Everybody already knows that Disney’s new remake of The Lion King is a sham; that its “live-action” selling point misrepresents the fact that the real-looking animals are actually digitally generated images. Only the casual acceptance of this blatant deception is new.
Disney’s “family entertainment” crest, a decades-old axiom, is also a euphemism for the millennium’s new reorganized cultural habits. Parents are expected to induct children into the process of mindless consumer gratitude. Knowing you’re being rooked is part of the fun, which gives new meaning to Mufasa teaching his cub Simba to appreciate his role in the never-changing production-purchase cycle — called “The Circle of Life” in the highly merchandized Oscar-nominated theme song.
The rite-of-passage storyline of the original 1994 animated Lion King is based on traditional themes — successfully employed in the reimagined Broadway adaptation by classically trained Julie Taymor. But canonical concepts of the social order (the lions’ pride), family honor, individuality, and courage belong to conventions that are now in chaos. Challenges to patriarchy sever The Lion King’s connection to the teachings of myth.
What the 1994 cartoon treated as cute satire — in the song “Hakuna Matata” sung by warthog Pumbaa and meerkat Timon — rings hollow in this new version where those creatures possess ugliness rather than charm and promote special-group interest. None of this can be defended as a trendy political allegory as some reviewers contend. Besides, the underlying praise of monarchy is always a problem for fashionable, egalitarian, supposedly woke Afrocentricity.
Disney’s blatant cultural agenda explains the disaster of The Lion King. We can clarify the film’s deception by highlighting its production-purchase cycle and recognizing the unmistakable — not coincidental — political objectives of the filmmakers. This is how it works. It’s a Dishonor Roll:
Jon Favreau (Director): After turning Marvel’s Iron Man to visual dung, he is now Disney’s fake-reality hack and is key to understanding how this digitally rejiggered Lion King (like Favreau’s Jungle Book) continues the con job of Marvel’s Black Panther. Favreau’s unnamed African veldt might as well be New Wakanda.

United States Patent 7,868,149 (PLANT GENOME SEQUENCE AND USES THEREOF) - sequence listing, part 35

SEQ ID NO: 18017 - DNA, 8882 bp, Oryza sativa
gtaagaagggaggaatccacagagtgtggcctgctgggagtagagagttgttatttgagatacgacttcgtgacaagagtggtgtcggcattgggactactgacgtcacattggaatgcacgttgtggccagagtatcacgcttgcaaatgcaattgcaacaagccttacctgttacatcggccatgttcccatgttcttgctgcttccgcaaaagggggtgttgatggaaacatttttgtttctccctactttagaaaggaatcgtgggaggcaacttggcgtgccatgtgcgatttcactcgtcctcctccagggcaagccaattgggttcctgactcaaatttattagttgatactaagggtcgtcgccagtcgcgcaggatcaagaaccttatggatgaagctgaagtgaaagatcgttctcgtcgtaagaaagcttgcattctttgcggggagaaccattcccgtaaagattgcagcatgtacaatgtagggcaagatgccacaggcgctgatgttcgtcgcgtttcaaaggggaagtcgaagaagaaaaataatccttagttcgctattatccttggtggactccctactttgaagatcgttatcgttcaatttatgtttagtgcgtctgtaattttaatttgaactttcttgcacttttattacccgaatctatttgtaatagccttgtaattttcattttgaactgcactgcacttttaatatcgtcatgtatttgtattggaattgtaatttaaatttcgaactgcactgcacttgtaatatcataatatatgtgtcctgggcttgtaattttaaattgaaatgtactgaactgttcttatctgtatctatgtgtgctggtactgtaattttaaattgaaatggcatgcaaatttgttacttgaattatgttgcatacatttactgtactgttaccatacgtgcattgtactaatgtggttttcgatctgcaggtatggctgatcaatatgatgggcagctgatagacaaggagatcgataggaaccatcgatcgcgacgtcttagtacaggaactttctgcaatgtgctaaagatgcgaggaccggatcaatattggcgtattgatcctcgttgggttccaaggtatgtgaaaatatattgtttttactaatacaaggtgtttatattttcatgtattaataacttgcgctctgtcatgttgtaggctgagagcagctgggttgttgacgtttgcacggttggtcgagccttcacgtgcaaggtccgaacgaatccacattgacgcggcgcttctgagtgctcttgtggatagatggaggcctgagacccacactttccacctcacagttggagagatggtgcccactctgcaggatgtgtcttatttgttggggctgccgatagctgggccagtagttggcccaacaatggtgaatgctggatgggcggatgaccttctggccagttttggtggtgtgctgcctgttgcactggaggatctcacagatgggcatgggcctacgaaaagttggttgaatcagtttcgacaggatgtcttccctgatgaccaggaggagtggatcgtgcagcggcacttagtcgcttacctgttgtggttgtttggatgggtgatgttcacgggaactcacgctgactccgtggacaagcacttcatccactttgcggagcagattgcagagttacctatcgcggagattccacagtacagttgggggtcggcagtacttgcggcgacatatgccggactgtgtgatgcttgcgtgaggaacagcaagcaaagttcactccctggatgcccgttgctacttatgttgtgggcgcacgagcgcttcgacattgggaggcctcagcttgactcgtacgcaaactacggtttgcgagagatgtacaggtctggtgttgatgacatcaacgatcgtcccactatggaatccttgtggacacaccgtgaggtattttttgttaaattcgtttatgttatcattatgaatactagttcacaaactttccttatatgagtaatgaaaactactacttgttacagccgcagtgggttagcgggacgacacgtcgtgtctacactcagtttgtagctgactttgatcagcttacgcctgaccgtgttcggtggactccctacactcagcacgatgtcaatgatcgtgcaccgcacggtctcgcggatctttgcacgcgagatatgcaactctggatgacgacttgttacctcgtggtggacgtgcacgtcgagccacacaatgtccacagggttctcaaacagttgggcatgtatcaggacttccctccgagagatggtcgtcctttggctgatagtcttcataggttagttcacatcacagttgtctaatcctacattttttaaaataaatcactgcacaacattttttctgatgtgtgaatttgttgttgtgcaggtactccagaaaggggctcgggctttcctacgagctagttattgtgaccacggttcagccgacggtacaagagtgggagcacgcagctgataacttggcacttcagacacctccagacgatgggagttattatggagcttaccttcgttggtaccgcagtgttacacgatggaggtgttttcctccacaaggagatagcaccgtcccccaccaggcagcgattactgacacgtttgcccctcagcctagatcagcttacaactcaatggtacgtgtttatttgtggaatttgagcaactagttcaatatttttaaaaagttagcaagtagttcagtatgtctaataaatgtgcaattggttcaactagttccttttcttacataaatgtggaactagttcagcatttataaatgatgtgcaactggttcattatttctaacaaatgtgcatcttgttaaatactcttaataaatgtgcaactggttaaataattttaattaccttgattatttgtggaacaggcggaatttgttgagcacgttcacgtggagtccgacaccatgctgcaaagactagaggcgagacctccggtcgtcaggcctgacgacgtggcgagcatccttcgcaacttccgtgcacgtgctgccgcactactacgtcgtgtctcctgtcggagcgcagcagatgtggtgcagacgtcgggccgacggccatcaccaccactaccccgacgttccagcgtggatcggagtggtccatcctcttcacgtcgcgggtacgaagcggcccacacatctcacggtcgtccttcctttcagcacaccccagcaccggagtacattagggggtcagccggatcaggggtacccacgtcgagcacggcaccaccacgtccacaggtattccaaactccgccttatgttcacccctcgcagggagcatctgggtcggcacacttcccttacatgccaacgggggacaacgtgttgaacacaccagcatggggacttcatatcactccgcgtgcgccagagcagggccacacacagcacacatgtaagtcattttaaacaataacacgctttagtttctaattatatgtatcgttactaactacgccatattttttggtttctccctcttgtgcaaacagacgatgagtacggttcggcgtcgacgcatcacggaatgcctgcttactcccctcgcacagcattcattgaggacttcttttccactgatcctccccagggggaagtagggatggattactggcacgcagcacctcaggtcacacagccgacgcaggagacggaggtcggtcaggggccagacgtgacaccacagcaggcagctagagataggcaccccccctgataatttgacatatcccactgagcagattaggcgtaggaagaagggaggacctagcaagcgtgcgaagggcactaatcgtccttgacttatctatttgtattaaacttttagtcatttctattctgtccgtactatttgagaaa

Donald Glover (Simba): His dubious street cred as rapper Childish Gambino distorts the film’s bildungsroman concept, as he sells a CGI version of his ghetto-pathology TV series Atlanta.
Chiwetel Ejiofore (Scar): Evokes the grim horror he endured in 12 Years a Slave by voicing the mangy usurper — no longer Jeremy Irons’s effete, gayish, villain of 1994.
John Oliver (Zazu): HBO’s political “comic” becomes the herald of Pride Rock; he controls the film’s narrative.
James Earl Jones (Mufasa): The one 1994 veteran repeats his original role as Simba’s father, adding sonorous Darth Vader cred.
Alfre Woodard (Sarabi): The dotty house wench in 12 Years a Slave becomes Mufasa’s mate, Queen of the Pride Lands, and Simba’s mother. Progress?
Keegan-Michael Key (Kamari) and Eric André (Azizi): These peanut-gallery TV comics serve as Scar’s Spotted Hyenas henchmen, Antifa-in-waiting.
Seth Rogen (Pumbaa): Channels his dirtbag shtick into the warthog who sings the “no worries” theme song “Hakuna Matata,” a nihilist philosophy.
Billy Eichner (Timon): TV’s harassment comic, cast as the meerkat, harmonizing on “Hakuna Matata” about life as “a meaningless line of indifference” without irony.
Beyoncé Knowles-Carter (Nala): Not just Simba’s love interest but the era’s leading purveyor of Afrocentric kitsch. As the film’s cultural linchpin, she accuses Simba, “You don’t even know who you are!” Her rhythmic diction on “You’re not the Simba I remember” is pure Destiny’s Child. And during the live-action uprising, her call “Are you with me, lions!” awakens the Beyhive. It is the Disney corporation’s single most calculated moment since buying the Star Wars franchise.
None of this wink-wink inauthenticity was a problem when Zack Snyder’s Legend of the Guardians: The Owls of Ga’hoole — the most exquisitely designed animated film since Fantasia — respected the moral values in coming-of-age narratives. Biblical and Shakespearean archetypes are trivialized by the new Disney. Its style of fake realism prevents one from imaginatively projecting onto the animation. When Simba comes into his own and must defend his tribe against his scheming uncle Scar and the menacing, invasive Hyenas, there’s no emotional power. The Lion King’s parallels to the historical lessons of Greek mythology or fairy-tale morality just feel like vague memories.